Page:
Morningstar Equity Analyst Angus Hewitt maintained his $1.80 fair value estimate for shares in no-moat Star Entertainment (ASX: SGR) following an update to the duty rates it pays in New South Wales. The amended duties effectively grant a transitional period for increased levies originally proposed by the prior state government, and removes a key piece of regulatory uncertainty that has been overhanging the embattled casino.

Cumulatively, Star is set to pay less tax over the next decade than we had previously expected. In isolation, this change is worth about 6% to our valuation.

But Hewitt’s valuation remains intact as the increase to his earnings forecasts is largely offset by an increase to his expectation for the potential Austrac fine to about $330 million, from $150 million previously. While there remains considerable uncertainty around the quantum of the Austrac fine, Hewitt now thinks Star's $150 million provision for the fine is beginning to appear optimistic. He estimates that of the potential Austrac fine on a pro rata basis of the $450 million fine Crown paid and the relative revenue of the two casinos. In the four years to pre-COVID-19 fiscal 2019, Star's revenue was about 74% of Crown's, with a larger high roller footprint.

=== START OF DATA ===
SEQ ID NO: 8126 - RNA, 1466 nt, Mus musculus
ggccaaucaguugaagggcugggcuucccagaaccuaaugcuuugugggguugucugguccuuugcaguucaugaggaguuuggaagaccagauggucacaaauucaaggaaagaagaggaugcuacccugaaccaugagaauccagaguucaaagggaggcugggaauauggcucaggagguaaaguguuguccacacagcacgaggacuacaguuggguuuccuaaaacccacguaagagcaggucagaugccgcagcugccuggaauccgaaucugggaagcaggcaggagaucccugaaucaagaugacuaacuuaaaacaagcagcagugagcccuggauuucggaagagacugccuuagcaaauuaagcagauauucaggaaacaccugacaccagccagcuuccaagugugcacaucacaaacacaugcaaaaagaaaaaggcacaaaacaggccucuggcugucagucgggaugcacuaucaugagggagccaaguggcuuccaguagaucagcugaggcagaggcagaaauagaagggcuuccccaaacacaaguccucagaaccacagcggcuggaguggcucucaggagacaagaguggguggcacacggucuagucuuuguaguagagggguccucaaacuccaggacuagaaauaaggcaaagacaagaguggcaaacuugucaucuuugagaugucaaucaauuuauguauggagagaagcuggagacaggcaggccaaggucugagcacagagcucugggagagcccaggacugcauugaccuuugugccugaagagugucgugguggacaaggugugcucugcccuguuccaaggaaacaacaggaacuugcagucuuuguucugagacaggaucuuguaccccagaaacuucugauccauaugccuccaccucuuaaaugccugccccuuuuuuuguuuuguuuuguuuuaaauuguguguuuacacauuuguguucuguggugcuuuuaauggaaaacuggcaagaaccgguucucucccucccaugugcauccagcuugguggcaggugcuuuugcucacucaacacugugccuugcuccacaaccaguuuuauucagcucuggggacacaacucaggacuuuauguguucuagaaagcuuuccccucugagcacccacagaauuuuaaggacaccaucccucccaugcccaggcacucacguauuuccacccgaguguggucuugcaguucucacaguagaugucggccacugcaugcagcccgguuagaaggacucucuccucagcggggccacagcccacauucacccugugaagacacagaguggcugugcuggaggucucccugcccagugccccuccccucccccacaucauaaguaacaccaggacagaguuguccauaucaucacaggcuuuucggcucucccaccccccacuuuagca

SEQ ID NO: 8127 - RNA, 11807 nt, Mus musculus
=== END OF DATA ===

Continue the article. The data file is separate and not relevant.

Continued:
While increased duties for high roller and table gaming will take effect as proposed, the reprieve is with electronic gaming machines. Star will maintain its current EGM duties through fiscal 2030, which ratchet up to about 23%, before GST. From fiscal 2031, the new progressive duty rates apply to EGM revenue, with a top duty rate of about 52%. During the transitional period through fiscal 2030, Star will pay an additional levy of 35% on all gaming revenue above $1.125 billion.

The benefits of the amended rates are therefore strongest in the near term while gaming revenue at the Sydney casino remains below the additional levy threshold. This is crucial for Star as it turns business performance around and eventually prove suitability to maintain its casino licence.